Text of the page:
Friday, 23 September 2011

Schopenhauer’s Ethics and Weber’s “Protestant Ethic”

Weber’s Protestant Ethic still indirectly glorifies “labour” as at least one motor of wealth-creation in tracing “the spirit of capitalism” to the Christian notions of human expiation of the original sin – “ora et labora” (work and pray). Yet although “puritanical parsimony” is one means (“saving”) of accumulating wealth, it is by no means a method of “creating or producing” wealth. This is the side that Weber neglects but that is present in Schopenhauer and is insightfully theorized by Bohm-Bawerk. For Weber’s Calvinists and Puritans, wealth is a sign of “Beruf”, of blessedness and active “divine calling”. But the Beruf, even in the religious specification of Entsagung, of “renunciation” and Askesis, does not yet sever decisively the theoretical link between labour and accumulation which is absolutely vital to the development of a specifically “capitalist ethic” freed from the “moral theology” of an obsolete Judaeo-Christian eschatology. Labour is still “consumption of the world” in that it pro-duces greater wealth; it is not deliverance from the world and from wealth; it is not “resignation”. Labour is still intimately connected with wealth-creation (see Weber, ‘PE’, beginning of section on “Asceticism”).

Only by severing the nexus between labour and “utility” or wealth-creation will an economic theory emerge that will relegate “labour” and the working class to their proper place in the market economy. Above all, only by severing the social/teleological osmotic link between labour and wealth will it be possible to replace the Judaeo-Christian “Beruf”, so burdened with religious tenets and “moral theology” (Schopenhauer’s critique of Kant and Hegel), with the “amoral, effective Entsagung” that leads to the Unternehmergeist! This is the “specifically bourgeois economic ethic” that Weber was seeking at the end of Die Protestantische Ethik but incorrectly understood. The new link that needs to be theorized is that between “saving as renunciation of consumption” and thence as “deliverance from the world” (Schop), on one side, and “utility” and “interest” on the other.

Thus, Weber was unwittingly reprising Smith’s theory: - division of labour as wealth-creation. Wealth is created through growing labour productivity enabled by exchange and therefore “specialization”, that is, through the pro-duction of more goods for exchange and  the use of fewer goods for consumption. This “growth of productivity” through exchange is the source of wealth. Thus wealth is a “saving of labour disutility” and consequent greater command of “utility-for-exchange”. In this perspective, wealth is the “squeezing out” of greater output from existing means of production or resources. By consuming less for himself, the worker can exchange more. Otherwise, the worker can be more productive by specializing, producing more and consuming less in the exchange. Smith assumes constant/fixed and exogenous technology. Smith’s theory does not allow for “innovation” or the role of wealth as “delayed consumption”. Thus, “consuming less for oneself” becomes “producing wealth through exchange by producing more”. Weber points this out as an aspect of “Asceticism” in ‘PE’, p161. It can be seen how this “protestant work ethic” rationale preserved entirely the link between labour and wealth that could no longer serve the bourgeoisie after the initial phase of accumulation.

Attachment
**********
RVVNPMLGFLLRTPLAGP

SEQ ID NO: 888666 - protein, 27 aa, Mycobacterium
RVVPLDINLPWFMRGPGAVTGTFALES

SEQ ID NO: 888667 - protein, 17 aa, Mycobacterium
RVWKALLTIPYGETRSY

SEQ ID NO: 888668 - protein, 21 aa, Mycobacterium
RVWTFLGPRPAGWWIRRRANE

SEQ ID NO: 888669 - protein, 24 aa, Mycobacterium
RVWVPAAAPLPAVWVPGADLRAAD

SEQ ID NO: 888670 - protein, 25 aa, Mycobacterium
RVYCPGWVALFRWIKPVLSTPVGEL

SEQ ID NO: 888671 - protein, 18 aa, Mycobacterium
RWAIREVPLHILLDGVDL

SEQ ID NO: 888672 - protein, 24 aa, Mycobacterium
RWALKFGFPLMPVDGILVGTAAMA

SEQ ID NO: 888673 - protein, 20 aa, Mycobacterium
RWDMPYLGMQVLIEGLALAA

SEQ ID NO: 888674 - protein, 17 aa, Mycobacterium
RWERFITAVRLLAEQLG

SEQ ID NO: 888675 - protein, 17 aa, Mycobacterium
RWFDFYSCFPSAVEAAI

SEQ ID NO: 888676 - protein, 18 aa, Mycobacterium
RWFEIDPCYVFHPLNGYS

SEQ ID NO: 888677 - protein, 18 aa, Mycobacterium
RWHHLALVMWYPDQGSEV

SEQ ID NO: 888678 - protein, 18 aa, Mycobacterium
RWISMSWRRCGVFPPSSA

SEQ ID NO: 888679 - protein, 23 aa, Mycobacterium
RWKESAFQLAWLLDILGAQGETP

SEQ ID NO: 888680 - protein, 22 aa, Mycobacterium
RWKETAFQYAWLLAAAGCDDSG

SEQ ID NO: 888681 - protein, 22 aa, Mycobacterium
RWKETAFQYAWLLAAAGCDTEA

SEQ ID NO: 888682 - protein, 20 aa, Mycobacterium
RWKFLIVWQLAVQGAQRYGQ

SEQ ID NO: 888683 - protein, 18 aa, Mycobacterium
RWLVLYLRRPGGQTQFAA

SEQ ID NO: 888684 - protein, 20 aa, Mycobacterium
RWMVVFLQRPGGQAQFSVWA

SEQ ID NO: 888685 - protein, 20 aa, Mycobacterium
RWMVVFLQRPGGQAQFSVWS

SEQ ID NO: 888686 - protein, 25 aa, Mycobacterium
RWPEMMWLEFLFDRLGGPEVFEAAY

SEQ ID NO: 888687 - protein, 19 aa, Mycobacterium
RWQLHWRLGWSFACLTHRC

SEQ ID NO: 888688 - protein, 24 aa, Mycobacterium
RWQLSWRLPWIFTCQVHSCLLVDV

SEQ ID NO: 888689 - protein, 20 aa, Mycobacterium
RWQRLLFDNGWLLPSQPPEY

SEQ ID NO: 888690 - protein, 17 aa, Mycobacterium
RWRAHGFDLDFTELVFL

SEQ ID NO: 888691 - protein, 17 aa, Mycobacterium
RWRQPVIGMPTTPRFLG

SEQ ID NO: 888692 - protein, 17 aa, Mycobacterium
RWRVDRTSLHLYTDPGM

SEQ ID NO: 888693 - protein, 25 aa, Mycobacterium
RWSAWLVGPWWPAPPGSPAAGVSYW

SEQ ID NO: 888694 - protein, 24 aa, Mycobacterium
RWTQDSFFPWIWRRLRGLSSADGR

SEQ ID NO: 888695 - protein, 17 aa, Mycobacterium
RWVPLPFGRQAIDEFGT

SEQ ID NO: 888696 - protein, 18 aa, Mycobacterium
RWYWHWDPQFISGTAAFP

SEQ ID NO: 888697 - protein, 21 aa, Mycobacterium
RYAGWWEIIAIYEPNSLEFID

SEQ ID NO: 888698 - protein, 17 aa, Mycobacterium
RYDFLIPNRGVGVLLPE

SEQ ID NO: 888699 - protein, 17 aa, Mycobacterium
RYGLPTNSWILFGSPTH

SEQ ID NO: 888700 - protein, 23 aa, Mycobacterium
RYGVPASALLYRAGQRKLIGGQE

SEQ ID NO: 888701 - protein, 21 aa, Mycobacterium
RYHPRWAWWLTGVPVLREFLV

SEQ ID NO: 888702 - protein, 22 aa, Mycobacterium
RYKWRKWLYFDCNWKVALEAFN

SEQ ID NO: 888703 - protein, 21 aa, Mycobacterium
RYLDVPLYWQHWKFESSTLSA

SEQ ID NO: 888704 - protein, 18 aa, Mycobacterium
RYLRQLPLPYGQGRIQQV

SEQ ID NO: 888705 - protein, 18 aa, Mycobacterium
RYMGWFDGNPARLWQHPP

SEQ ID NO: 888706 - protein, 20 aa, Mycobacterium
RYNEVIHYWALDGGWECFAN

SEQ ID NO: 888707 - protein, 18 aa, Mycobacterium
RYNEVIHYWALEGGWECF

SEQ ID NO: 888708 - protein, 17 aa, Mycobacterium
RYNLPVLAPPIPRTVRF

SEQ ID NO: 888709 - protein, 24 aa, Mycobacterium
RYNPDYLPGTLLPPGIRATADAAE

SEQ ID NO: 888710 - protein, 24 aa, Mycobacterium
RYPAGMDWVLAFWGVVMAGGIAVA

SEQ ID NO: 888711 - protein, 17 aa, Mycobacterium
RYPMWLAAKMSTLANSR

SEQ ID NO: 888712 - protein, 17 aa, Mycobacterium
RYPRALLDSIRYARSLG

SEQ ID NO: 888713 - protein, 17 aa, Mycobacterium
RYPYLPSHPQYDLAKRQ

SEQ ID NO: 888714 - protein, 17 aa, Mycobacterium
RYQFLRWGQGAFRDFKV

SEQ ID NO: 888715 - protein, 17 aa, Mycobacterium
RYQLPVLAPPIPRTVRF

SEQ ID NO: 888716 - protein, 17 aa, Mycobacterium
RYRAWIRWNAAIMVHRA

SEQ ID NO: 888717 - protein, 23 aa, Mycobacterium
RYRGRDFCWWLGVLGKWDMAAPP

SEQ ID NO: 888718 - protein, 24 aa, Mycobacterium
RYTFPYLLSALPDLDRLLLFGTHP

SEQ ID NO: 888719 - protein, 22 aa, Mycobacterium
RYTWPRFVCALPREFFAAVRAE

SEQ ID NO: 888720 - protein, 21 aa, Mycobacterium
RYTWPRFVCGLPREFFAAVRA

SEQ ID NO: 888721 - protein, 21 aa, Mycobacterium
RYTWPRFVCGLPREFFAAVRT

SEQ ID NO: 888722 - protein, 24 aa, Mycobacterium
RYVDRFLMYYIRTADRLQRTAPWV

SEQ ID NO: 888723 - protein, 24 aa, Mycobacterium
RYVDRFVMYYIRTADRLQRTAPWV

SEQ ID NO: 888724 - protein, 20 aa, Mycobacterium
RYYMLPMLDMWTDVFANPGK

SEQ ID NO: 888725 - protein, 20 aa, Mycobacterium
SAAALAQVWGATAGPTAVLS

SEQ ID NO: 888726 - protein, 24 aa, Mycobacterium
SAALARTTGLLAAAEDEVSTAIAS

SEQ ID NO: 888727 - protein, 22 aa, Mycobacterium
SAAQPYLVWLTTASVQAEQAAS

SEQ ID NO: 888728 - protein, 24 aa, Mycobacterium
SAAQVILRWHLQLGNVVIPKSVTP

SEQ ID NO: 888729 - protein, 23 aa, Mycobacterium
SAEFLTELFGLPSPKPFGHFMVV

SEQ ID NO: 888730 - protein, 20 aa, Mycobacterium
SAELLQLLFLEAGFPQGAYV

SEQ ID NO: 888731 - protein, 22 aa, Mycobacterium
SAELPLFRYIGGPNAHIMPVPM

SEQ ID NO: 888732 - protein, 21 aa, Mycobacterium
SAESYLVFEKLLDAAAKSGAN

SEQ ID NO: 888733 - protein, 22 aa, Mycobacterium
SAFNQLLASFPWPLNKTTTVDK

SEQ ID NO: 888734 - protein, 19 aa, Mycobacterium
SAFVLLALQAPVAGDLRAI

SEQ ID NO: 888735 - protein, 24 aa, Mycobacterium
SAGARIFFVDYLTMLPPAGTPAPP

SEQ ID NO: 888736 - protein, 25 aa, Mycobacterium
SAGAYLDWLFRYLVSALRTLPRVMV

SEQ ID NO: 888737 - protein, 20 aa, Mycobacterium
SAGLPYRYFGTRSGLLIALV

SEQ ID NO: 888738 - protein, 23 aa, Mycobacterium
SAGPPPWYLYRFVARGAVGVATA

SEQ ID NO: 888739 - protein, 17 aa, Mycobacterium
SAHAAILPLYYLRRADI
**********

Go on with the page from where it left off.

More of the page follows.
What for Smith and the Puritans – and for Weber? - was wealth-creating division of labour, Hegel perceived in Smith’s “pin production” as the antithesis of productivity that does not enrich the worker! This occasioned the diatribe between Mandeville and Smith where the former could see that “the Publick” that benefitted from “Private Vices” was not the working class. And Mandeville took delight both in the ferity of humans as well as in exposing the hypocrisy of enrichment and immiseration for a divine purpose. But Mandeville still shared the condemnation of “laziness”, of the charity halls, not for ‘Deistic’ reasons related to “the work ethic”, but for the cynical realization that they invited work-shirking.

In the negatives Denken, “wealth” stands against and is the ob-jective of (Gegenstand – op-posite) work, not its pro-duct, just as the Body and the World are the “objectification of the Will”, its “variance” or “resistance” or “polarity” or source of “strife”. Wealth (capital) employs labour; labour consumes wealth to earn its keep, to produce more wealth. But the “active” part is wealth, which is “stored consumption” or “utility”, whereas labour is the “passive” (passio, suffering) part, the part that “consumes wealth” and in consuming affirms “the world”. Wealth is “consumed” after it has been “saved”. Wealth is “delayed consumption”. Piercing the veil of Maya, seeing through the illusion of “striving” and “labouring”, the mortification of the body, the abnegation of the Will is the “renunciation” of consumption and the preservation of wealth.

 As we noted above, these features are lacking in Weber. Above all, the “mundanity” of wealth, its evanescence, is left unexplained and is yet another “inconsistency” in the “Protestant ethic” as a rationale for accumulation as an end in itself in the “spirit of capitalism”. By contrast, this “evanescence” is the very centerpiece of Schopenhauer’s “system”, the “Unwirklichkeit der Erscheinungswelt” (unreality of the evanescent world) and of the “will to live” (Simmel, ‘Schop. Und Nietzsche’, pp29-30).

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